Inherited by the Graduate Institute in 2008 from the Crédit Agricole, which had received it from the Crédit Lyonnais after the merger between the two banks in 2002, the collection represents the preserved part of a once gigantic collection of economic and financial information gathered by the Crédit Lyonnais Service des Etudes Financières, created in 1871.
Owing to difficulties of preservation — it had been stored in a former textile factory in Tourcoing in northern France, where it experienced damage from humidity — most of the collection was lost. Two major parts, however, survived. One is the vast store of government budgets from countries over the world, which was sorted out through the cooperation of EHESS and the University of Paris XII, under the supervision of Professors Broder and Flandreau, and transferred to the Centre Technique du Livre, a state-run library repository in France. The other is the collection of stock exchange publications which the Graduate Institute acquired from Crédit Agricole in 2008.
Covering stock exchange information for 6 continents, the repository could be said to be Thoreau’s figurative "Columbus to whole new continents and worlds within (…), opening new channels (…) of thought." Approximately 700 linear meters, the collection covers an immense stock of information concerning the world of finance in the age of globalisation. High frequency quotation records from 73 stock exchanges from 41 countries constitute the main component of the collection. They bring to life the complexity of Stock Exchange trading, underscoring the multiplicity of exchanges: several for each country, sometimes several for one market, and occasionally (as for a rare series of prices for gold mines), one market for several cities — as was the case for South African Gold Mines options traded simultaneously over the counter in Paris and London, and for which one Hirsch, a bullion broker in London and Paris produced a price list.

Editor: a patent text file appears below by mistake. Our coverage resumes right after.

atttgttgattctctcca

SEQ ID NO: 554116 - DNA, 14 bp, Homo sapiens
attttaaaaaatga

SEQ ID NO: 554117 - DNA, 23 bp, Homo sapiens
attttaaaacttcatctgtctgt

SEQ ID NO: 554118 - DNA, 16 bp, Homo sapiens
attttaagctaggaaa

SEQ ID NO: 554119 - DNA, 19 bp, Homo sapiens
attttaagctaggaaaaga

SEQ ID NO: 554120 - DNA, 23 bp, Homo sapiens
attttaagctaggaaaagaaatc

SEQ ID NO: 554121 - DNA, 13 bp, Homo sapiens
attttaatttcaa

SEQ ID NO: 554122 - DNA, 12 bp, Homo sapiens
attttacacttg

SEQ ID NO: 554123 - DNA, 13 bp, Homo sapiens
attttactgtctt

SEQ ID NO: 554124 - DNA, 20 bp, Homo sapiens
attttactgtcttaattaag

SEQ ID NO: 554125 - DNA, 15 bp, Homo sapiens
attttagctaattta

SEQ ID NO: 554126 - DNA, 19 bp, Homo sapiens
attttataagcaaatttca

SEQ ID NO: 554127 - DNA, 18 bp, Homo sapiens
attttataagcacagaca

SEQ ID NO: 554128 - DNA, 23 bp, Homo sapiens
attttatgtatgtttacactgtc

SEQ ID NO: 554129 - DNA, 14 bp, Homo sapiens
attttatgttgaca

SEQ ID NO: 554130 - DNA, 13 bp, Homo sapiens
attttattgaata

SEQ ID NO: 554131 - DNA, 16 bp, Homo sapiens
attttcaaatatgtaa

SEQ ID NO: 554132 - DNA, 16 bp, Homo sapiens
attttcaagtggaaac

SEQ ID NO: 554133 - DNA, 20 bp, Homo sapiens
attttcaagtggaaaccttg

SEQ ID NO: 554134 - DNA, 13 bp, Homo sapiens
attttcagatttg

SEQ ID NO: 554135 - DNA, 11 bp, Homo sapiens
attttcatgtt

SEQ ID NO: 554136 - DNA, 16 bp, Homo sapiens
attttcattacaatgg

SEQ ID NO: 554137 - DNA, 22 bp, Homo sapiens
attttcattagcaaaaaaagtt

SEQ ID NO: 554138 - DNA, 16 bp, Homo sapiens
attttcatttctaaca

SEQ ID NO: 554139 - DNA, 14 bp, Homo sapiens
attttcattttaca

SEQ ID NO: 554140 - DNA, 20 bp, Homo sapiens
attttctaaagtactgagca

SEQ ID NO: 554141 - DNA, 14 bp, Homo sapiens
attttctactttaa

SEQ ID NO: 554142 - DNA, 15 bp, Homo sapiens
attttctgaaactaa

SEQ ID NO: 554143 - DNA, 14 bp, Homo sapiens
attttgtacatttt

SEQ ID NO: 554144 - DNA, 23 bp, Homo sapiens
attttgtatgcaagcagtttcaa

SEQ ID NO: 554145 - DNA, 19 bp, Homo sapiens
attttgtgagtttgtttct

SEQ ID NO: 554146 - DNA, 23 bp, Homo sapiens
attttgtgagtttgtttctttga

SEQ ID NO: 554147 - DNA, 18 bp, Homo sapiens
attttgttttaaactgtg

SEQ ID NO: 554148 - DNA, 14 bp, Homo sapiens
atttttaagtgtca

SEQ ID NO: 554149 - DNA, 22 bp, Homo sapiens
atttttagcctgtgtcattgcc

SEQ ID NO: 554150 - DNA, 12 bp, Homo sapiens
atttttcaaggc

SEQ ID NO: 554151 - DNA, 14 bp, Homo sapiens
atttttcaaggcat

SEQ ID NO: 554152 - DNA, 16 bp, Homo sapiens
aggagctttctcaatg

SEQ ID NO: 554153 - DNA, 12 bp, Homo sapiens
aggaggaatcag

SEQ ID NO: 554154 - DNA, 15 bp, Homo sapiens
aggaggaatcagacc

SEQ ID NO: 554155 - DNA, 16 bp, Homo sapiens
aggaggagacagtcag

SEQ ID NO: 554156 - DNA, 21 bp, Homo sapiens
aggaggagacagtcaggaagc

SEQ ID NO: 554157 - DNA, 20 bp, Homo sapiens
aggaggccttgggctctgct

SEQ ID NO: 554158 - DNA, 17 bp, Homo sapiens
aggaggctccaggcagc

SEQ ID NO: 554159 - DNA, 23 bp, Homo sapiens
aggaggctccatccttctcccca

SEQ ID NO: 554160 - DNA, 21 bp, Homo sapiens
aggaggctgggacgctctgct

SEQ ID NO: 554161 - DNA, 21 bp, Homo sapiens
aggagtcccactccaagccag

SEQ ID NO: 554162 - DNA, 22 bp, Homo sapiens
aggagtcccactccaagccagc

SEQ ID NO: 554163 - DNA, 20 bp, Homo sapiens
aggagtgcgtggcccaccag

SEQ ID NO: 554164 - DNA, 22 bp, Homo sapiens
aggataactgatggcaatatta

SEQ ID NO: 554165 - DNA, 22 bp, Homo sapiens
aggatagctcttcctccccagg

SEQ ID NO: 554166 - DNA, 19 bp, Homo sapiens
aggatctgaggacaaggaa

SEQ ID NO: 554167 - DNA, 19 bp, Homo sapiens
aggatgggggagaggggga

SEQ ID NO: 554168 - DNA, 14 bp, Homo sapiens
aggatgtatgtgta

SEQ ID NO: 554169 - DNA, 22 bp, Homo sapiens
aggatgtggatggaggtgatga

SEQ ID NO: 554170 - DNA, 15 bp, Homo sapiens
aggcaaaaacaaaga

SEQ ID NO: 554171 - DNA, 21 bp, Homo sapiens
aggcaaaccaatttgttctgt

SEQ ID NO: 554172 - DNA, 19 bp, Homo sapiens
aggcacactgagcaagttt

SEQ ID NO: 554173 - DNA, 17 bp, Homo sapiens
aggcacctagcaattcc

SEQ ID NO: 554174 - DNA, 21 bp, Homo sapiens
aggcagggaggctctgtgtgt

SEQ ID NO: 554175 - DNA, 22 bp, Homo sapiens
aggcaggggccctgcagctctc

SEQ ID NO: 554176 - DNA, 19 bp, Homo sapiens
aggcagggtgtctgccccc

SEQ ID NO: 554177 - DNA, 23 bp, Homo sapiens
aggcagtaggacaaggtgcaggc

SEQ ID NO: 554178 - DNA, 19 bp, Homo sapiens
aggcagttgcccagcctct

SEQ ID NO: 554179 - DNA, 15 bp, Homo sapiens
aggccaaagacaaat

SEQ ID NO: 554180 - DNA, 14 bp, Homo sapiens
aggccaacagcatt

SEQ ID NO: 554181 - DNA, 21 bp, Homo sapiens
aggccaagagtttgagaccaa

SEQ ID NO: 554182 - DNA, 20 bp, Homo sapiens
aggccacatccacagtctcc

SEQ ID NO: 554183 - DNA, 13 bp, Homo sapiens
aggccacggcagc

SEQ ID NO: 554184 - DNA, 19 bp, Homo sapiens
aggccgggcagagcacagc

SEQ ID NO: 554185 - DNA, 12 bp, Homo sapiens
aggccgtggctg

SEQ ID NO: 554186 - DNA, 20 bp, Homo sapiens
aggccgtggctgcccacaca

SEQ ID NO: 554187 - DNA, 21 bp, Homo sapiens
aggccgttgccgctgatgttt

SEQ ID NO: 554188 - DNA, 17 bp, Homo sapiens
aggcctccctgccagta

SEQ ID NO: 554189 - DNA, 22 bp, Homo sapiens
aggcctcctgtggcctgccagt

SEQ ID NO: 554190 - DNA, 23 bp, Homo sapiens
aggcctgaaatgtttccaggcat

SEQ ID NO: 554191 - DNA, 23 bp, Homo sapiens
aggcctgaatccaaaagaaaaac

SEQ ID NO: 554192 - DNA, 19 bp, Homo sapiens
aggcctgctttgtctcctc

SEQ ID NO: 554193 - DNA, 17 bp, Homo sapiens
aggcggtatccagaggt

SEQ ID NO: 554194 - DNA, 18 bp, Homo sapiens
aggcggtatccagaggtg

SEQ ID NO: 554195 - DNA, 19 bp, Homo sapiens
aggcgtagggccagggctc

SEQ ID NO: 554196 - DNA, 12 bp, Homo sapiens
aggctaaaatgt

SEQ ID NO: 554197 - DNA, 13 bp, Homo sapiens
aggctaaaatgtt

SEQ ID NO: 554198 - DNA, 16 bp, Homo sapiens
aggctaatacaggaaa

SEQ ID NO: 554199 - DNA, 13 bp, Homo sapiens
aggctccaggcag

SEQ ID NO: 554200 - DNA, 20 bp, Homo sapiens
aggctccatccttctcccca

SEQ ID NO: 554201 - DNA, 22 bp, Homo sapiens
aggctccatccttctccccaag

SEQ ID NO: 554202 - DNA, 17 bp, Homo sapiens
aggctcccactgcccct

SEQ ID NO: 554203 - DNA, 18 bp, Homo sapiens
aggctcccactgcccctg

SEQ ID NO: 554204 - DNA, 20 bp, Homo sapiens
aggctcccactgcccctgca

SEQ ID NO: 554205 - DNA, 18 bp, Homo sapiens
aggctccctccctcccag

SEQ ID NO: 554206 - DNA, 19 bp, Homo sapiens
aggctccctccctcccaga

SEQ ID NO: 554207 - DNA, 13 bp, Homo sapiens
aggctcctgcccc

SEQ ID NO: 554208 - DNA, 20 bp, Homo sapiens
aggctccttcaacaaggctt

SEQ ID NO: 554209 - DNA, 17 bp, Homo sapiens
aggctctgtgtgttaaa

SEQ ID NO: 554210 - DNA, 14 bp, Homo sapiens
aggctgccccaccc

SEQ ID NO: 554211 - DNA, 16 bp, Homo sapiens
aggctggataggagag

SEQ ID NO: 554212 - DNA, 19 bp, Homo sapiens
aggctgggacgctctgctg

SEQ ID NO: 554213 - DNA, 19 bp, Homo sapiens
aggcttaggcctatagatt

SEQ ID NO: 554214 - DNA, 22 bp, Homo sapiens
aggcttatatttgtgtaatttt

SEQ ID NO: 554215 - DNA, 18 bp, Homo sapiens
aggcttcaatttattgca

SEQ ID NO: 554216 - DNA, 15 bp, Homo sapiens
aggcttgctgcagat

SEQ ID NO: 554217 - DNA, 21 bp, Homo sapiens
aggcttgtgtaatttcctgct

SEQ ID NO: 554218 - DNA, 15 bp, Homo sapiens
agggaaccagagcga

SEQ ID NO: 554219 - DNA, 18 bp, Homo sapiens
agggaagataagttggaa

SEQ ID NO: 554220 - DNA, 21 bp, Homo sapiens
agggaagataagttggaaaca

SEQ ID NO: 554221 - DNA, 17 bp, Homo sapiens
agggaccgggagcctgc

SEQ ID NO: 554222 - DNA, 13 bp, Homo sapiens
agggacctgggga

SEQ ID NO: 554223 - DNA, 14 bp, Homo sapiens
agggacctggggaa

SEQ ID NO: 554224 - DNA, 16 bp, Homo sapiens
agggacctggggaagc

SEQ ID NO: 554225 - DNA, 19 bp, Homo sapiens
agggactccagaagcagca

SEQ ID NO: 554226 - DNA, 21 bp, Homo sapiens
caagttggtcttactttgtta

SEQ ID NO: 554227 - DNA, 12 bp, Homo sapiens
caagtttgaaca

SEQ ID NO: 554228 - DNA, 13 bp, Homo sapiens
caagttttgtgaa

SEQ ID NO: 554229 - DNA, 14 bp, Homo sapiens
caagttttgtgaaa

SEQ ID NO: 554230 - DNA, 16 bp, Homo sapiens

The complete series, such as London, New York, Brussels, or Amsterdam cover over 100 years of stock exchange quotations. More exotic or rare series, such as Bilbao, Alexandria or Cairo have shorter time frames but are still complete. This stock (no pun intended) of information offers a very rare opportunity for a better understanding of the world of capitalism and finance as it opens up a transnational dimension, beyond the well-researched operation of individual markets. It discloses the entangled spatial logistics of capital raising, trading and the global architecture of financial information.